ISU Extension and Outreach is dedicated to helping Iowans, and its latest effort centers on COVID-19 vaccination education.
Extension is partnering with the Iowa Department of Public Health (IDPH), the University of Iowa College of Public Health, and the Institute of Clinical and Translational Science to alert Iowans to three educational webinars in April.
"We have come together to leverage the strengths of these three partners," said Deb Sellers, College of Human Sciences associate dean and director of Human Sciences extension and outreach. "U of I has the medical expertise and the information about the safety of the vaccines, IDPH has been on the forefront of the COVID-19 response in the state and our role is to lift up the message of the partners."
Sellers said using extension's connections in 99 counties allows it to mobilize and encourage individuals to attend.
"We know that personal invitations from a trusted organization can make a difference for people," extension assistant vice president for county services Andrea Nelson said.
Extension will lean on previous relationships to spread information through a variety of channels, including phone calls, text messages, social media and emails.
Subject-matter experts will provide research-based information about the vaccines to help people in their decision-making process.
"We are not advocating for vaccinations; we are supporting vaccination education," Sellers said. "We want to offer Iowans the opportunity to come and listen to the best experts the state has to offer from the University of Iowa and IDPH about the science behind the COVID-19 vaccinations and the distribution of it in the state."
Sellers said participants also will have a chance to ask questions of the experts to better inform their decisions.
The pandemic exposed internet limitations for some Iowans, especially in rural areas. Extension plans to combat that by opening some of its county offices for people to gather -- physically distanced with face coverings -- and watch the webinars.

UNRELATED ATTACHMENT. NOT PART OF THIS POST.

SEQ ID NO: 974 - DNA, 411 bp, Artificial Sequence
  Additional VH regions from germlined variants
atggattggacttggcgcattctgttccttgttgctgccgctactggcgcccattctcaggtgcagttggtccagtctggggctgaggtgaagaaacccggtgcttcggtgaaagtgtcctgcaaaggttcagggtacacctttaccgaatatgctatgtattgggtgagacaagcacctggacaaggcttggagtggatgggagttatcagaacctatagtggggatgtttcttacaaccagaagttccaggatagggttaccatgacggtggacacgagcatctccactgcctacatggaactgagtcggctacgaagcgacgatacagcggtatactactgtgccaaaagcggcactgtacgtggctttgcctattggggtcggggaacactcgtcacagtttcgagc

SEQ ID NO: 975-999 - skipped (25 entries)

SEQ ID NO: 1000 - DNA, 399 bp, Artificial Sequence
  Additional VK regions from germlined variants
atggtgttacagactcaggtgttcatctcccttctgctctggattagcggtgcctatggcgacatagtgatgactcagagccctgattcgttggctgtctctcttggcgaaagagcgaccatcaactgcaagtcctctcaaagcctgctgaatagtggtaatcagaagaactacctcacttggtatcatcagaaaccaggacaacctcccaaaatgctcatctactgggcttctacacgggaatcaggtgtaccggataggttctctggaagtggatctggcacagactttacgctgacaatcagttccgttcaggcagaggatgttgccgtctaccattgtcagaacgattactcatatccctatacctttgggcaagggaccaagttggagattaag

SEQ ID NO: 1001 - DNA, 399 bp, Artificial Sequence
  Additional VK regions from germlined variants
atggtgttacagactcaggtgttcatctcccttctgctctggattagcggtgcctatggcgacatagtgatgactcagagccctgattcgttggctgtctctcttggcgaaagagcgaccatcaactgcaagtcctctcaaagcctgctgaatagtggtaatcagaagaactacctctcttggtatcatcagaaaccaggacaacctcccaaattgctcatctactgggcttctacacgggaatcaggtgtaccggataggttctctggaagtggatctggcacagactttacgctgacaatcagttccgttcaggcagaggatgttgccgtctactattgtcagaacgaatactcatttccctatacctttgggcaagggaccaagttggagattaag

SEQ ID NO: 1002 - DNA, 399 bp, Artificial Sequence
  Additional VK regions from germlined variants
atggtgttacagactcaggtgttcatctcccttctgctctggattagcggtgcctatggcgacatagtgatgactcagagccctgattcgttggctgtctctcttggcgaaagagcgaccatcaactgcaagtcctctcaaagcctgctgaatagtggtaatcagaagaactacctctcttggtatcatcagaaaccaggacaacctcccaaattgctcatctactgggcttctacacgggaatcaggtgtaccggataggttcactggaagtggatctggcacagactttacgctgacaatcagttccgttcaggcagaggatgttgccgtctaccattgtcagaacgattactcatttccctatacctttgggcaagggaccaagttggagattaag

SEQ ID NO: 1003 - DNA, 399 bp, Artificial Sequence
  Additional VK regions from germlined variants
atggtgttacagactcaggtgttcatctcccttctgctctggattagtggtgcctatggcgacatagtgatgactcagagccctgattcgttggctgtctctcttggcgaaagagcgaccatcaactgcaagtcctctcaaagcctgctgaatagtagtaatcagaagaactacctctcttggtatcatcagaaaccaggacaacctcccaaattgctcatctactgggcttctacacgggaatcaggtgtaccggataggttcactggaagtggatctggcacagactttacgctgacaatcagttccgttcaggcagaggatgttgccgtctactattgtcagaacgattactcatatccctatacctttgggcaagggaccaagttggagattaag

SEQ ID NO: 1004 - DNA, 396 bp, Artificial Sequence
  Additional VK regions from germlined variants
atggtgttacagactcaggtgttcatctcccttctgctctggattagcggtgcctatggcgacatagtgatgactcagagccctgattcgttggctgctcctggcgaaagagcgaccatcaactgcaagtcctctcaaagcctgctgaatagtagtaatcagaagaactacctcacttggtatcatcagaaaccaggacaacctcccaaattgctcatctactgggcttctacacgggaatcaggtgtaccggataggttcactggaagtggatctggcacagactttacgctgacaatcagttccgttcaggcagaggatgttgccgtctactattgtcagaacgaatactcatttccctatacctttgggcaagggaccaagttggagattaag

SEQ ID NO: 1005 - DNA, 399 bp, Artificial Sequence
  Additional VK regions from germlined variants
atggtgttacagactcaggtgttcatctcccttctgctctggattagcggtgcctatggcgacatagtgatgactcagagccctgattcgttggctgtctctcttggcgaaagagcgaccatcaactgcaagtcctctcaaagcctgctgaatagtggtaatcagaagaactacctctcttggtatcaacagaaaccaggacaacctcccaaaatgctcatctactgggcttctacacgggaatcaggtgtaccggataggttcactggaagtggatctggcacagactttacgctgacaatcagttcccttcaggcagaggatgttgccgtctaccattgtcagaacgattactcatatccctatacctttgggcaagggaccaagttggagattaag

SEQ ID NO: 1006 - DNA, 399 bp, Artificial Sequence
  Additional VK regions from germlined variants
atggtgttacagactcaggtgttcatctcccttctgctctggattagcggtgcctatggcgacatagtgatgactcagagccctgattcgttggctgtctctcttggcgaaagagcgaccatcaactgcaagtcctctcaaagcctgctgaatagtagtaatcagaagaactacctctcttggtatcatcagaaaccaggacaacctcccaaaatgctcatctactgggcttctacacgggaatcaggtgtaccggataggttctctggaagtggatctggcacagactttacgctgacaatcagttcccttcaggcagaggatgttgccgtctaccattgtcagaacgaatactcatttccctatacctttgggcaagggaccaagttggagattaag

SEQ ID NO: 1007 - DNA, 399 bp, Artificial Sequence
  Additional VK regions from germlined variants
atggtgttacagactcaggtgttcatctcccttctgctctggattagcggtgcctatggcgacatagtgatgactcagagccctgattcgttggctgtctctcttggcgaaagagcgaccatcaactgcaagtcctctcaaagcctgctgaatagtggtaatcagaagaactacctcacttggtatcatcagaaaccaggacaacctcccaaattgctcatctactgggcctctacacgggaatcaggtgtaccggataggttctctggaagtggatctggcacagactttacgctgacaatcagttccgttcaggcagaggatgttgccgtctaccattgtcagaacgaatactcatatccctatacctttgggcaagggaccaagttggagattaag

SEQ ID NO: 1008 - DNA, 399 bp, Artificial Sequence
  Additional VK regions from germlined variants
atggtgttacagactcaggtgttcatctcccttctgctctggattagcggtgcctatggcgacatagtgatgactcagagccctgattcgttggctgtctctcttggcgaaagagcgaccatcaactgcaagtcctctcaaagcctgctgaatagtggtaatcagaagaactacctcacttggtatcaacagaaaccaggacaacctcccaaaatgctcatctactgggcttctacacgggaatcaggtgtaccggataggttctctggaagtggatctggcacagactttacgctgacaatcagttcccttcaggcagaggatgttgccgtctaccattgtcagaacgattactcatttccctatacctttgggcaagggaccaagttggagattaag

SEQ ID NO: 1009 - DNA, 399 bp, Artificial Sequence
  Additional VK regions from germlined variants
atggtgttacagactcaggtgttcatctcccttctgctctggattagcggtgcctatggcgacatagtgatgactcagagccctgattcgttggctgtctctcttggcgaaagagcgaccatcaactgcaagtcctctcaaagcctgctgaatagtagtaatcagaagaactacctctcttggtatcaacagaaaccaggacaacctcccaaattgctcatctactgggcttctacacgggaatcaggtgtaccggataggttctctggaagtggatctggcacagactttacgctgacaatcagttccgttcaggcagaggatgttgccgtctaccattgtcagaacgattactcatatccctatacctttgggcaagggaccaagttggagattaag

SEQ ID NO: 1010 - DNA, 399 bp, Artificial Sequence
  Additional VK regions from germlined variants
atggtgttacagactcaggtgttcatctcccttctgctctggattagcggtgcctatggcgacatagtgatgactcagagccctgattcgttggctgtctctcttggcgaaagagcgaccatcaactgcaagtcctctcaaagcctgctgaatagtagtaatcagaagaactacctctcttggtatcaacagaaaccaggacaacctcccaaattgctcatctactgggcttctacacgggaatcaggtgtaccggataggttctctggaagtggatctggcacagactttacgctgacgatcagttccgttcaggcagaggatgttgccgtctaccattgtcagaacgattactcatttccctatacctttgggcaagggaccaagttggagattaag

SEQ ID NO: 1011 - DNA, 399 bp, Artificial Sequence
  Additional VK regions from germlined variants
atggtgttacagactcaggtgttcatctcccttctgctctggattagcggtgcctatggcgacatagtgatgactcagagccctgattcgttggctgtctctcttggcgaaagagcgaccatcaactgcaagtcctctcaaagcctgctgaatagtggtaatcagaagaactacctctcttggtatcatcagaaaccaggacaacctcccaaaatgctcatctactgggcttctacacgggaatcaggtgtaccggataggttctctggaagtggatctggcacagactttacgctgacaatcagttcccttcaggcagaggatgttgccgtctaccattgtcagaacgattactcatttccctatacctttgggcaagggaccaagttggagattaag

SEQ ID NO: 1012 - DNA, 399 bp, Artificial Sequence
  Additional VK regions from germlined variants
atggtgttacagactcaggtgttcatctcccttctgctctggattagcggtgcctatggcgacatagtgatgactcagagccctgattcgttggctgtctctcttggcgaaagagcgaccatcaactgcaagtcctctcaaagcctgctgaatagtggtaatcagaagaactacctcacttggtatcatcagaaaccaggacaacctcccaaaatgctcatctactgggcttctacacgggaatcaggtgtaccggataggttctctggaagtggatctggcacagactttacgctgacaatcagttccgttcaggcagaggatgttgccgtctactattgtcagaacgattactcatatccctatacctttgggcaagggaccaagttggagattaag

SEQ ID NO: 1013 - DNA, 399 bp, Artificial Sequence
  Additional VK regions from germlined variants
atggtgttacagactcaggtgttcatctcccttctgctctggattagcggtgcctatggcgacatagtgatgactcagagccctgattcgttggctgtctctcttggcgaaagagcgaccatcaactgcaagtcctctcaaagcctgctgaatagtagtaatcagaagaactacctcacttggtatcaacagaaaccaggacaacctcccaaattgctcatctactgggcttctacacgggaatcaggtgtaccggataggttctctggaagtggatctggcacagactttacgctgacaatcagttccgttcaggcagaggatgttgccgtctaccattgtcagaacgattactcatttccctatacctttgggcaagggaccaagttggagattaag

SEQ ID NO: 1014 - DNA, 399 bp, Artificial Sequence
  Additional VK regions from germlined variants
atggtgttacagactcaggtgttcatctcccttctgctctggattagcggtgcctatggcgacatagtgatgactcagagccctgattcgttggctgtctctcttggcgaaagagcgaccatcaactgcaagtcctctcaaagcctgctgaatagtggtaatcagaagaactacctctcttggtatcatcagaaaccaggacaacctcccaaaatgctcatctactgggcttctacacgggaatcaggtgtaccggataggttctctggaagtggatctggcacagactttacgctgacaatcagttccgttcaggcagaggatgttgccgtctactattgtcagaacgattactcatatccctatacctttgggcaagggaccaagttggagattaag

"We can host our own watch parties in the office," Nelson said. "We will provide the screen, and they can watch it there."
In addition to promoting the webinars, extension is helping coordinate the logistics. Audio visual support specialist Spencer Braly of information technology services is providing technical support, and extension specialists are assisting with the development of fliers and other marketing materials.
Extension had a one-hour vaccine information session for its staff April 1 about the webinars and to gather feedback.
"It was not a miniature session, but a chance to tell them what their role would be in communicating the message," Nelson said. "They had incredible questions and suggestions about how to reduce some barriers and make it available to more Iowans."
They reach Iowans all the time, so they know what needs to be done, Nelson said. Extension staff also will report back concerns from communities to make the dissemination of information circular rather than one-way.
This is not the first time extension has worked to aid Iowans with information about COVID-19. Extension partners with the 211 hotline -- a nationwide three-digit hotline for finding local health care, mental health resources, food, employment, government help and other needs -- to answer calls, and has seen a significant increase in call volume since the pandemic began.